Converting to Relational
Hello, my name Hugo Kornelis and I am presenting this Pluralsight course on Relational Database Design. This is Module 5 in which you will learn how to convert an entity relationship model into a relational design and how to convert a relational design into an entity relationship model. This module covers the conversion between two representations of data design, the entity relationship diagram and the relational database design. After explaining why we need both representations and hence need to be able to switch between the two, I will how a few alternatives for representing the relational database design. The majority of this module will of course focus on the actual conversions. Both from entity relationship to relational and the other way around.

Basic Normalization - Part 1
Hello my name is Hugo Kornelis and I am presenting this Pluralsight course on Relational Database Design. This is Module 6 Basic Normalization (Part 1). In this and the next module you will learn to fine tune the design you that you can be certain that your database will have no redundancies or other design flaws. Once you've followed all the steps from the previous modules, you have a data model, either as an entity relationship model or as a collection of tables and columns, that enables the database to store all the information the business needs, and that will prevent old data that would violate any of the identified constraints. But there may still be issues, glitches in the design that can cause unwanted side effects, like redundancy, a data model that allows you to store multiple copies of the same fact, or update, insert and delete anomalies. A data model that makes it impossible to modify effects independent of each other. To remedy this, you need to normalize the data model. After an overview of what normalization is why we need it, I will first describe what functional dependencies are. This is required because functional dependencies play a major role in the normalization process. I then explain the three most important normal forms, quite and imaginatively called First Normal Form, Second Normal Form and Third Normal Form. Interweaved with that description, I will show a method that you can use to make absolutely sure that you find all the functional dependencies so that you can be sure that your database design is perfectly normalized. Because of the amount of material covered, this information will be spread over two modules.

Basic Normalization - Part 2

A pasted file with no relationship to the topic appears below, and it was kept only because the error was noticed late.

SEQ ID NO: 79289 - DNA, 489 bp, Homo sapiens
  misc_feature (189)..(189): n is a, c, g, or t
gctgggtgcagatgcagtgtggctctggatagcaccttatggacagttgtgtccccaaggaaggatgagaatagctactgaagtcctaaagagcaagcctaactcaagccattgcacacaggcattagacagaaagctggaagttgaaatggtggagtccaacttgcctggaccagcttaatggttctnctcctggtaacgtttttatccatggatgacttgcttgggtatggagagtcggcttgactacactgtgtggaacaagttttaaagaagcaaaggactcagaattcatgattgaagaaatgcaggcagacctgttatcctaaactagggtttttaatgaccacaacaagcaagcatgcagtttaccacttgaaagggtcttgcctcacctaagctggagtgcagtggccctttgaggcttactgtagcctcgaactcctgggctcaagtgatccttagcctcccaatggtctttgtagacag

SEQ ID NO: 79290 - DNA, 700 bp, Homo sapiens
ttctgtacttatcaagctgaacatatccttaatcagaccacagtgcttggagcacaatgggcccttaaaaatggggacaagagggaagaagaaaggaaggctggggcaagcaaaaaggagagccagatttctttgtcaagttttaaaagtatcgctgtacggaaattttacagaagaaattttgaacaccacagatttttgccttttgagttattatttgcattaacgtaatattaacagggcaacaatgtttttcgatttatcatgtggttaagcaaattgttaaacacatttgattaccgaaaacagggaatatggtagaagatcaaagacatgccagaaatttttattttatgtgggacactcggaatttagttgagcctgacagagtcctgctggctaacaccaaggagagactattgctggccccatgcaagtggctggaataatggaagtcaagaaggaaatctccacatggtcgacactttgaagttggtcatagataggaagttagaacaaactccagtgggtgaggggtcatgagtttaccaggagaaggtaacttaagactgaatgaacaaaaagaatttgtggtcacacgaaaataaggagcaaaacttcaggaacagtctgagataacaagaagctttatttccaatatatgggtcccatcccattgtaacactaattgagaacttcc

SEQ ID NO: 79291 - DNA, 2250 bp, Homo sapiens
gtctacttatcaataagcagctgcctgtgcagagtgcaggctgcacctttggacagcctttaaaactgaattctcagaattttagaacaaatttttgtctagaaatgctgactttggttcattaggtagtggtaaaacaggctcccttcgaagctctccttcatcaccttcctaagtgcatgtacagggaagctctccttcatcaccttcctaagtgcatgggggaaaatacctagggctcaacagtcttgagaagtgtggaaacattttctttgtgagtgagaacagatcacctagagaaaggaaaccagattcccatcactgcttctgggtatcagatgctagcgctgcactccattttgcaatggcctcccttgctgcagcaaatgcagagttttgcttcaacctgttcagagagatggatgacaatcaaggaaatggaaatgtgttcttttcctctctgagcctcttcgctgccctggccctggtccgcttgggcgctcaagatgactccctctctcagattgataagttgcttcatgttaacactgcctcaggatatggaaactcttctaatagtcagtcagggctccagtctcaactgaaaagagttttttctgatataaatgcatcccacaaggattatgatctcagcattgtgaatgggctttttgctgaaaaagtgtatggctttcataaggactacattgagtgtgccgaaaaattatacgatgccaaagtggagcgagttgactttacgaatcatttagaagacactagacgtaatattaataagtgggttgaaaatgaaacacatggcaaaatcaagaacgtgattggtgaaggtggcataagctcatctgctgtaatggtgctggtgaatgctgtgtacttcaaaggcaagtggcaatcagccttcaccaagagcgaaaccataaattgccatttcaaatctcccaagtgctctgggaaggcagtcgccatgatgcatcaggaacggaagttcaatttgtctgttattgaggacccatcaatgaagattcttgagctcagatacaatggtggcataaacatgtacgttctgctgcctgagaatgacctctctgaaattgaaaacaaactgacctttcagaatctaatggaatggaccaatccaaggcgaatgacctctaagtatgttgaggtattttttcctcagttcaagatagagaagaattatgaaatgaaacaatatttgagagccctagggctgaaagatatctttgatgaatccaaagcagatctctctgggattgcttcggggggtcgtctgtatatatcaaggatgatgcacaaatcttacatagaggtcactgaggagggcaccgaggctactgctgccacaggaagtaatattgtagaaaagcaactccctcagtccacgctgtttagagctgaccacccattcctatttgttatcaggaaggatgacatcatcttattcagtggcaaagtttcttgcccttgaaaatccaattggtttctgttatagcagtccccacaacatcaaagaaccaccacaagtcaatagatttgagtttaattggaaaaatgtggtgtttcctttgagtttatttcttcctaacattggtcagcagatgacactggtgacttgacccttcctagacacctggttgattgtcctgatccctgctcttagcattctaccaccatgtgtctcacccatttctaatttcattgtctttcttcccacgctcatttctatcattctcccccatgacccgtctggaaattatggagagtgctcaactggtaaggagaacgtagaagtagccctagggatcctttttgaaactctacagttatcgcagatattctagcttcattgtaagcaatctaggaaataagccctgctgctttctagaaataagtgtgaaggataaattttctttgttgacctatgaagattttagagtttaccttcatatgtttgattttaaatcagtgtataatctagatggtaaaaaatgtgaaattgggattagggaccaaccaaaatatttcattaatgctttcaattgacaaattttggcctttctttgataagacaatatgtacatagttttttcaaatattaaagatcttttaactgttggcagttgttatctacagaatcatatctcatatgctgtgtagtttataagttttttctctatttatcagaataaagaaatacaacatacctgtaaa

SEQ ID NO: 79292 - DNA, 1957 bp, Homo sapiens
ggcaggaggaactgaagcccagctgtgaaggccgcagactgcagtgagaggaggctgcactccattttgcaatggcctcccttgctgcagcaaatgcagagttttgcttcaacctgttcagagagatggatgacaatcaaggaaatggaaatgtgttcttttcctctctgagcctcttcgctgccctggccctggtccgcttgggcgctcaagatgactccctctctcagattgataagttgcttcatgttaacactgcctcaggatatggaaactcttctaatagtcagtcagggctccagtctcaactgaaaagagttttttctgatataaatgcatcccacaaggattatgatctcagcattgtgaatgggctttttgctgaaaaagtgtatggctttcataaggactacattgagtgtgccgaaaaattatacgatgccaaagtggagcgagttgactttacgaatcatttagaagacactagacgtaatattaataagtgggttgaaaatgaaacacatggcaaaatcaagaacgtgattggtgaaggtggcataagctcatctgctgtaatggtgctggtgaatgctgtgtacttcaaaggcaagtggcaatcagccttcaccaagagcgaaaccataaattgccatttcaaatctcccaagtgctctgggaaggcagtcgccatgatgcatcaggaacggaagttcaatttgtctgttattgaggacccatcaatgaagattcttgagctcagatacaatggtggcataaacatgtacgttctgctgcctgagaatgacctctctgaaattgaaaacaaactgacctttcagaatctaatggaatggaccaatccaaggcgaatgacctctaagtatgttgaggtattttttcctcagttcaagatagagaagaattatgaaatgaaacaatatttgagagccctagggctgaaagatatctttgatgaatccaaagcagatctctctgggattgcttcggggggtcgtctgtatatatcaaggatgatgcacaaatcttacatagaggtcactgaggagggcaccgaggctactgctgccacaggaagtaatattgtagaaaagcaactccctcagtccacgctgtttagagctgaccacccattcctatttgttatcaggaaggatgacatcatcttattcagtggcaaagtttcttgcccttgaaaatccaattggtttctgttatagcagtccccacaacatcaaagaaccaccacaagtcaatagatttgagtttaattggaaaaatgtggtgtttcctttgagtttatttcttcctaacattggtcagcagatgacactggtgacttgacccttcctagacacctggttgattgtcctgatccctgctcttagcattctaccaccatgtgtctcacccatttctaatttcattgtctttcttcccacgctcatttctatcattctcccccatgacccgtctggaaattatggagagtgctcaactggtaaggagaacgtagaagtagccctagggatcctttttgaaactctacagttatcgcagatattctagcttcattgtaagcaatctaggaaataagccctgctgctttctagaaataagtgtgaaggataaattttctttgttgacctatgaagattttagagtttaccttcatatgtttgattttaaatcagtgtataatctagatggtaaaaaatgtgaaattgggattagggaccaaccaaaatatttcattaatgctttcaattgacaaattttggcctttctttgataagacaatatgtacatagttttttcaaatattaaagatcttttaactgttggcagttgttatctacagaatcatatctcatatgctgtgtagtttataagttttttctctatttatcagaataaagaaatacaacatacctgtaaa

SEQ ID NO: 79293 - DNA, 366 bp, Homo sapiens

Hello, my name is Hugo Kornelis and I am presenting this Pluralsight course on Relational Database Design. This is Module 7: Basic Normalization (Part 2). This module continues the process of fine tuning the design of a database that we started in the previous module. At the end of the previous module, we had a design in First Normal Form and we had made a start with finding some of the functional dependencies. In this module, we will continue our hunt for the rest of the functional dependencies and further normalize the design. First to Second and then to Third Normal Form.

Higher Normal Forms
Hello, my name is Hugo Kornelis and I am presenting this Pluralsight course on the Relational Database Design. This is Module 8: Higher Normal Forms. In this module you will learn about normalizing your database beyond Third Normal Form. In the previous module, I covered normalization up to the Third Normal Form, but database science has defined many more normal forms often collectively called the higher normal forms. Many data modelers and many teachers as well will tell you that Third Normal Form is enough for practical applications and that higher normal forms are of academic interest only. Others respond that this statement results from a lack of proper understanding of the higher normal forms. In this module I will describe and illustrate all the higher normal forms so that you can be your own judge on this. At the end of the module I will also briefly cover the subject of denormalization and I will finish the module with some standard patterns that you can use to solve issues that find no direct answer in the normalization rules.

Other ER Methods
Hello, my name is Hugo Kornelis and I am presenting this Pluralsight course on Relational Database Design. This is Module 9, the final module in which I will give you a broad overview of the many alternative methods available for diagraming your entity relationship models. In this module we will investigate the many alternative representations that are used in various ER diagraming methods. Entity types may use specific notations for weak or strong entity types, or for subtypes. Attributes can be omitted completely, depicted in a compact way or very elaborate, and some methods even support special types of attributes. Relationships can also be depicted in a variety of ways. Identifying and subtype relationships may have a specific notation and the variations for specifying cardinalities appear unlimited. Plus, all methods have their own ideas of what types of relationships are or are not allowed, but despite these differences, once you see through the graphical differences most methods are actually all quite similar.